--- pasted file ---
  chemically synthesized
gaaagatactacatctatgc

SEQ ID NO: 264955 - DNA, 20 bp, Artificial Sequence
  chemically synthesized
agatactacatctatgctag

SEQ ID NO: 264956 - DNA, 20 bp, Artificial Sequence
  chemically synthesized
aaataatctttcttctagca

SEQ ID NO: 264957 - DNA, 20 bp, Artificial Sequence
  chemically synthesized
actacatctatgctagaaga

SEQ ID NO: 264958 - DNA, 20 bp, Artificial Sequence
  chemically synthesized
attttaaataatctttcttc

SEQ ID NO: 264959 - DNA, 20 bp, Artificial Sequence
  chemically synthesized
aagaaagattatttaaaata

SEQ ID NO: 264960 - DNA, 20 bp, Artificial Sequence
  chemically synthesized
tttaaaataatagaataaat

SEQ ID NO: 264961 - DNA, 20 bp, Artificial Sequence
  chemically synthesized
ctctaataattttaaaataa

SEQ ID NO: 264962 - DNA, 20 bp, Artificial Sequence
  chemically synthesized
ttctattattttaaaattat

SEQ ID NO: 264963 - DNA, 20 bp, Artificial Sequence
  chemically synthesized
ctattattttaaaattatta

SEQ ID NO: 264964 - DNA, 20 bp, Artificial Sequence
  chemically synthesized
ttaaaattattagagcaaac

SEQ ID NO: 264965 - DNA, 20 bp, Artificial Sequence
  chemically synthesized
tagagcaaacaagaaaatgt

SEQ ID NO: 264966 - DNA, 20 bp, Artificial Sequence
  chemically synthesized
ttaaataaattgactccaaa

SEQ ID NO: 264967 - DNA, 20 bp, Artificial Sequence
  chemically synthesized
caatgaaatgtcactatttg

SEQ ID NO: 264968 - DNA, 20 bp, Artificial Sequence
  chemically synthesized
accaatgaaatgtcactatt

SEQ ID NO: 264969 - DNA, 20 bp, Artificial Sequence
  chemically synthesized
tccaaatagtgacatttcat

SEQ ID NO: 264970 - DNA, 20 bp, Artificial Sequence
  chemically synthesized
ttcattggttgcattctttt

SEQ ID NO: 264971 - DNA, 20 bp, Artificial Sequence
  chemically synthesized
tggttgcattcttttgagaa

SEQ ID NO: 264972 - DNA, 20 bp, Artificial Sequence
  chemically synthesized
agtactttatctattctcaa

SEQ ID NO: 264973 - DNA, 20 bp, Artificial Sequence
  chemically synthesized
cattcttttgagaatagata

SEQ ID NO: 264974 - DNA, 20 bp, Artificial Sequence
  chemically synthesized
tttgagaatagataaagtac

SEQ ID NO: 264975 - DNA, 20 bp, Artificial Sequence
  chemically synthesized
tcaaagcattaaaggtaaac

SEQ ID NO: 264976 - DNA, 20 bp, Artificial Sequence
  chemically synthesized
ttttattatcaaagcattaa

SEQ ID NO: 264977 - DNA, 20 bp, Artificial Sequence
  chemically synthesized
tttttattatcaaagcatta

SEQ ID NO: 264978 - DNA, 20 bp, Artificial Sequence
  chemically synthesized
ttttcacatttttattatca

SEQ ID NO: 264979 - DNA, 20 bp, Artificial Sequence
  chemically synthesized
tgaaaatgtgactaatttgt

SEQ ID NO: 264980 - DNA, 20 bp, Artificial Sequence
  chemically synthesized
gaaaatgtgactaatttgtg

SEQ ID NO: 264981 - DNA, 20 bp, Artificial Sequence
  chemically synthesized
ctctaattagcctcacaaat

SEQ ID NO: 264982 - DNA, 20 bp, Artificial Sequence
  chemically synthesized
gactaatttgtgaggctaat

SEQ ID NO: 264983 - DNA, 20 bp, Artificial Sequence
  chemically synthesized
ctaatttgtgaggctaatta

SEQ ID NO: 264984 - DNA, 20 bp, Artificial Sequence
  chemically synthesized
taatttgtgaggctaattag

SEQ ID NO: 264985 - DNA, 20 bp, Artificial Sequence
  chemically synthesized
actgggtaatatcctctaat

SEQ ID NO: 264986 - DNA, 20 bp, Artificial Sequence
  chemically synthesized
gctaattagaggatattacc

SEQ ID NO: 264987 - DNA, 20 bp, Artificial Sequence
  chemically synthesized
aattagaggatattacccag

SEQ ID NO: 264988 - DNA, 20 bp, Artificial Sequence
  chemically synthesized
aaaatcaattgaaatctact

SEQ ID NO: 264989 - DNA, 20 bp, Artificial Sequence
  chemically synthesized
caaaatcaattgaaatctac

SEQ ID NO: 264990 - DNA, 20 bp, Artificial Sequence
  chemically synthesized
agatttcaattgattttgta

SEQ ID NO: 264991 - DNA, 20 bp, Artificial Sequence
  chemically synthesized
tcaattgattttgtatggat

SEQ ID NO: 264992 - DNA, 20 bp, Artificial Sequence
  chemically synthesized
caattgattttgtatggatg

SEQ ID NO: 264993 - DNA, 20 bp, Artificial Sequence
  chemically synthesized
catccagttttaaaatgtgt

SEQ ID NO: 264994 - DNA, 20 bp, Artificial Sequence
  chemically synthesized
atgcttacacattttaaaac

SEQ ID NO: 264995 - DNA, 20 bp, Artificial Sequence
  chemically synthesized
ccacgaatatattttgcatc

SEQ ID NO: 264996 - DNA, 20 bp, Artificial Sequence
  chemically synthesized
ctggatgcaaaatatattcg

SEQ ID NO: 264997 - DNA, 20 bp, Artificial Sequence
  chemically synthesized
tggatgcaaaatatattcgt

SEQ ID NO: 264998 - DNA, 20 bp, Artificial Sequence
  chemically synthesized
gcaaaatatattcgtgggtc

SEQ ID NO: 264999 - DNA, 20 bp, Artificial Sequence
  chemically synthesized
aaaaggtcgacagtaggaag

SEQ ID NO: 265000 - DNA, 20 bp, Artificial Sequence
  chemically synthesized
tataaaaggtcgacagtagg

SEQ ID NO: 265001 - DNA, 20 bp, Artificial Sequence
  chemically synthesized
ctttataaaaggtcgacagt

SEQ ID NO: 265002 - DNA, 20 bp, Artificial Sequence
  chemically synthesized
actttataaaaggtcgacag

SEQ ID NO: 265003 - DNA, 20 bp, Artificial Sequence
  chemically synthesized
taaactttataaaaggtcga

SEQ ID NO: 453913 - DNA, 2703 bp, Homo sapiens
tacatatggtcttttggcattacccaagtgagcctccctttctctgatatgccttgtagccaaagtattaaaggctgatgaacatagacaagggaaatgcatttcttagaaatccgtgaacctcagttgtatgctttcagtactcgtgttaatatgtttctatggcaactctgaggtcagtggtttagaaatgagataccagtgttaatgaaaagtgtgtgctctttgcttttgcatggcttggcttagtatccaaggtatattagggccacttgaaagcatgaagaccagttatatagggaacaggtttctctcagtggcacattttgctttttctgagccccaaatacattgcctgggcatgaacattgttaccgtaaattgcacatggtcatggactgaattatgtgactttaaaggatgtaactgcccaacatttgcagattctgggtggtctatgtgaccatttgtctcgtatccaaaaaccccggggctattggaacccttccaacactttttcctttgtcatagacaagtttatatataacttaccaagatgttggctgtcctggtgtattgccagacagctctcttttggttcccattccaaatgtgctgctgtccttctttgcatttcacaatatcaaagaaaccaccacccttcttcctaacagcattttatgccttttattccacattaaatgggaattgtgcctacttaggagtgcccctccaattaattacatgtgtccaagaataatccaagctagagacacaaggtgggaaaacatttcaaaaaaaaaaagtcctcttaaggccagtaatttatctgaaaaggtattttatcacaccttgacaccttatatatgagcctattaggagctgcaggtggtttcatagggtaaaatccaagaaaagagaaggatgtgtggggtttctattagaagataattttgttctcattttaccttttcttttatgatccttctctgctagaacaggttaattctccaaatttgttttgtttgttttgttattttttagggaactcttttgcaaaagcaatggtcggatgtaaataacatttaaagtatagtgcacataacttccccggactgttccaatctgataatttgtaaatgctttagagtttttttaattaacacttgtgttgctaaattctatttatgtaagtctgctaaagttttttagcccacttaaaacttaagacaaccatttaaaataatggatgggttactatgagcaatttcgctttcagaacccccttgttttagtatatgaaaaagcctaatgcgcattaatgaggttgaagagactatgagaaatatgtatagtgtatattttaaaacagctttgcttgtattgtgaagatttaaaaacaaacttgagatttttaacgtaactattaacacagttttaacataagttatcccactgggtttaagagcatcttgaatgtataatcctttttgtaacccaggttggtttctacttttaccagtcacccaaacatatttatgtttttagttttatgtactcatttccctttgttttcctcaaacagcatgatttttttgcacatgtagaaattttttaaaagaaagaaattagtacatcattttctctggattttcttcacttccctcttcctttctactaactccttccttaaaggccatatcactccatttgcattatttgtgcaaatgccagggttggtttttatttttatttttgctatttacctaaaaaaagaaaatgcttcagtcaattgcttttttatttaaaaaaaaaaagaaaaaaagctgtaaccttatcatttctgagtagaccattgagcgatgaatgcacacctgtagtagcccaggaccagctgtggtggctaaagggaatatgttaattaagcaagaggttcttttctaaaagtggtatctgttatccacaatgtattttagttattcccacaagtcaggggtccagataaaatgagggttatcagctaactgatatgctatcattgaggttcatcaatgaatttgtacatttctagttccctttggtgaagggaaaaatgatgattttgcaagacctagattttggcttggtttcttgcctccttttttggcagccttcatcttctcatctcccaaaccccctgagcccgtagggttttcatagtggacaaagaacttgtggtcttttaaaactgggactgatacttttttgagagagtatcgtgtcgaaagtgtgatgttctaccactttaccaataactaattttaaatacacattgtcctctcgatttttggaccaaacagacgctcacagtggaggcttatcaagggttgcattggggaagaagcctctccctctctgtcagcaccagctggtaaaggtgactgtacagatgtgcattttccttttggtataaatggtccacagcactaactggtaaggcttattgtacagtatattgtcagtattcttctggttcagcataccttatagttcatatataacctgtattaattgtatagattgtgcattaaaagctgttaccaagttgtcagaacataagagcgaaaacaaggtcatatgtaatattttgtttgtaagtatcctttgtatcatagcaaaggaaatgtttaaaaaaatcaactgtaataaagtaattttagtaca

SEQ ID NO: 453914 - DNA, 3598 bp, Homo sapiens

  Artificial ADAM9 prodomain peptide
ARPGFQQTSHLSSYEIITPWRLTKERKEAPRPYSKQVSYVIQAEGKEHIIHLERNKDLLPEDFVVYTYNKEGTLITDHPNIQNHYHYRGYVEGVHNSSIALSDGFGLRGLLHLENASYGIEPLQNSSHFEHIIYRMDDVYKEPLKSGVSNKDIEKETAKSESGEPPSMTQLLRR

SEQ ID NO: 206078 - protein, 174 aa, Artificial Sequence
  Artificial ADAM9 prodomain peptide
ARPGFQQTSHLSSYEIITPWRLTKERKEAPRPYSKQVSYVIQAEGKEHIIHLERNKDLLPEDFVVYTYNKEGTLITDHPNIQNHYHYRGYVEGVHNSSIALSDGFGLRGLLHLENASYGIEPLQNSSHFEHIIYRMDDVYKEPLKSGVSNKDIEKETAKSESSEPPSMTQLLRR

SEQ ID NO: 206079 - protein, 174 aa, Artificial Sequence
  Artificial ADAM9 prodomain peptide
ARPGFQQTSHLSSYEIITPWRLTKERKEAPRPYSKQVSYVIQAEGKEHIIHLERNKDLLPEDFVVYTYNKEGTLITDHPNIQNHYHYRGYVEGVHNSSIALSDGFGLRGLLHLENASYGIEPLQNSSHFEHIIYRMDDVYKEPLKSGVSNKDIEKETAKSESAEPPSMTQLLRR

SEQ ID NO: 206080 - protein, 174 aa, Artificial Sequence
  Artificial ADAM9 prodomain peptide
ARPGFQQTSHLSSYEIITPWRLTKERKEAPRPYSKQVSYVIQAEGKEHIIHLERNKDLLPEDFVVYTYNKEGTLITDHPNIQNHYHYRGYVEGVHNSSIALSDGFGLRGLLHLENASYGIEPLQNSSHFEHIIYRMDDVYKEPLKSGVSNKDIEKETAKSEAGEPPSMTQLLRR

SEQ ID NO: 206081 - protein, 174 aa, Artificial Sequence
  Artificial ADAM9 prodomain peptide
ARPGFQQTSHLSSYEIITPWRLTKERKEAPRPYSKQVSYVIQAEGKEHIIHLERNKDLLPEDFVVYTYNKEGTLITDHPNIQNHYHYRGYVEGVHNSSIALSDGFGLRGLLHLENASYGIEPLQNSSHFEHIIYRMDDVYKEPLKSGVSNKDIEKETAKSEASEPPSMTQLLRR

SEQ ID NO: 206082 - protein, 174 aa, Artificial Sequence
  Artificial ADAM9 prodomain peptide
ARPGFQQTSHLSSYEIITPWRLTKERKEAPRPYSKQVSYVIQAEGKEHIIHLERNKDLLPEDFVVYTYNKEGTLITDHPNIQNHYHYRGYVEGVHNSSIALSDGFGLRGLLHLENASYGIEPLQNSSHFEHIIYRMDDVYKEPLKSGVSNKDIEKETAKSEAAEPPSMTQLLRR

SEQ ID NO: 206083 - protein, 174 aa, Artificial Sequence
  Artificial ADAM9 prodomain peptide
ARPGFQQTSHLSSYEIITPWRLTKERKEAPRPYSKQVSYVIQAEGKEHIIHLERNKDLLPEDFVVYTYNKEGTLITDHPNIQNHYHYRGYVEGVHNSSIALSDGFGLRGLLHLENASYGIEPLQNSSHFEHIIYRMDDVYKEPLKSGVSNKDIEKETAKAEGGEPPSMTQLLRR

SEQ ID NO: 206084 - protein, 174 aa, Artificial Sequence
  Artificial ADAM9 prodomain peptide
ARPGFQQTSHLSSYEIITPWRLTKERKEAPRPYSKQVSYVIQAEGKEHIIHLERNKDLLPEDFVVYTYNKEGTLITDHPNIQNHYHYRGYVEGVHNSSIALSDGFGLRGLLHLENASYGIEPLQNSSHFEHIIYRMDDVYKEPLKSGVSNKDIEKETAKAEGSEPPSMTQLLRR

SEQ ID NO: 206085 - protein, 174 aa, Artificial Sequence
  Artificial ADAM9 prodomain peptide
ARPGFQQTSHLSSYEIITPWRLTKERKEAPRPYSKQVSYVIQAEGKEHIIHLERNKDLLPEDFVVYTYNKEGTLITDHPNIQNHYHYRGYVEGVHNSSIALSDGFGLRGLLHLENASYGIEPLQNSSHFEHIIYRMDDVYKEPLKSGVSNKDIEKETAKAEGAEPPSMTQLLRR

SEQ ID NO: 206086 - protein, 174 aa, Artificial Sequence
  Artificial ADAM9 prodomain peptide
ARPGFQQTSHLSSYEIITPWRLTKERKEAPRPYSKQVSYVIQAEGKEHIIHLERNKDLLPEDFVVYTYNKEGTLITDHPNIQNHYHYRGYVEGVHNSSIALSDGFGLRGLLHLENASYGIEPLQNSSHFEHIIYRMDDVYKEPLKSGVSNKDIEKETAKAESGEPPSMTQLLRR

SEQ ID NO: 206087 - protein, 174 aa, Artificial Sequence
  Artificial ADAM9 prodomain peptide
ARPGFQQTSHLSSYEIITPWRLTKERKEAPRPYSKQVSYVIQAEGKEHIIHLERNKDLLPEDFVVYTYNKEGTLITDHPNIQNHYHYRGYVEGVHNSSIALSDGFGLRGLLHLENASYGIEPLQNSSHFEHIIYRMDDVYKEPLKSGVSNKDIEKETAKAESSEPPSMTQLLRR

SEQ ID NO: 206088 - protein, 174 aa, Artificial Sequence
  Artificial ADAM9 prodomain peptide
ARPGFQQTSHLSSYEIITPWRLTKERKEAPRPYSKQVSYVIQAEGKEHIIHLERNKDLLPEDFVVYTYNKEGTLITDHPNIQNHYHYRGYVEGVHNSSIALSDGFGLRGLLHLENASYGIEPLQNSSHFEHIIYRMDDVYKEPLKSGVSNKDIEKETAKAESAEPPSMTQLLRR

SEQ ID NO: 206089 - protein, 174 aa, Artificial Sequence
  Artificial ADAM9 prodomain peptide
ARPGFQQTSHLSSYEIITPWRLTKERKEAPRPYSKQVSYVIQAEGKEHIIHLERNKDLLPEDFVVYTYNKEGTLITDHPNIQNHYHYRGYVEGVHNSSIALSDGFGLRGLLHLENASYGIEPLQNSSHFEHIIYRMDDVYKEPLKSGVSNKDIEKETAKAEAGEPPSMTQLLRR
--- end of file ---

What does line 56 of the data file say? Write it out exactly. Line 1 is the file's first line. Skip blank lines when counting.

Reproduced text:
agtactttatctattctcaa